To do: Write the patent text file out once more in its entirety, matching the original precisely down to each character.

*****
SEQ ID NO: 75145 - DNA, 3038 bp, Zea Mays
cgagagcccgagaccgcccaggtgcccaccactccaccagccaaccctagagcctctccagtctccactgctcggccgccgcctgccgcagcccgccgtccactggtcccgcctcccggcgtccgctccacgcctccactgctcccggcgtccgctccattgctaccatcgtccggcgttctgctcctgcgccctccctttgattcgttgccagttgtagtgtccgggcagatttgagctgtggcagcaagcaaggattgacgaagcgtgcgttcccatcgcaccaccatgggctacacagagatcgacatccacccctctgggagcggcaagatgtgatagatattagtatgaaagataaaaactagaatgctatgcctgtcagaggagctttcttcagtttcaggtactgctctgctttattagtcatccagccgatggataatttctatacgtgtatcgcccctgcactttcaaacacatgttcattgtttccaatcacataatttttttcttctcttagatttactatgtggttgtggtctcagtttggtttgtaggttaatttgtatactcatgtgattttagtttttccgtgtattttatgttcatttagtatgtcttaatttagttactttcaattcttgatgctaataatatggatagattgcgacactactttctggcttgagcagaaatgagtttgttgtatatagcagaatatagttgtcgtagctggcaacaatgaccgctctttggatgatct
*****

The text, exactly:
SEQ ID NO: 75145 - DNA, 3038 bp, Zea Mays
cgagagcccgagaccgcccaggtgcccaccactccaccagccaaccctagagcctctccagtctccactgctcggccgccgcctgccgcagcccgccgtccactggtcccgcctcccggcgtccgctccacgcctccactgctcccggcgtccgctccattgctaccatcgtccggcgttctgctcctgcgccctccctttgattcgttgccagttgtagtgtccgggcagatttgagctgtggcagcaagcaaggattgacgaagcgtgcgttcccatcgcaccaccatgggctacacagagatcgacatccacccctctgggagcggcaagatgtgatagatattagtatgaaagataaaaactagaatgctatgcctgtcagaggagctttcttcagtttcaggtactgctctgctttattagtcatccagccgatggataatttctatacgtgtatcgcccctgcactttcaaacacatgttcattgtttccaatcacataatttttttcttctcttagatttactatgtggttgtggtctcagtttggtttgtaggttaatttgtatactcatgtgattttagtttttccgtgtattttatgttcatttagtatgtcttaatttagttactttcaattcttgatgctaataatatggatagattgcgacactactttctggcttgagcagaaatgagtttgttgtatatagcagaatatagttgtcgtagctggcaacaatgaccgctctttggatgatct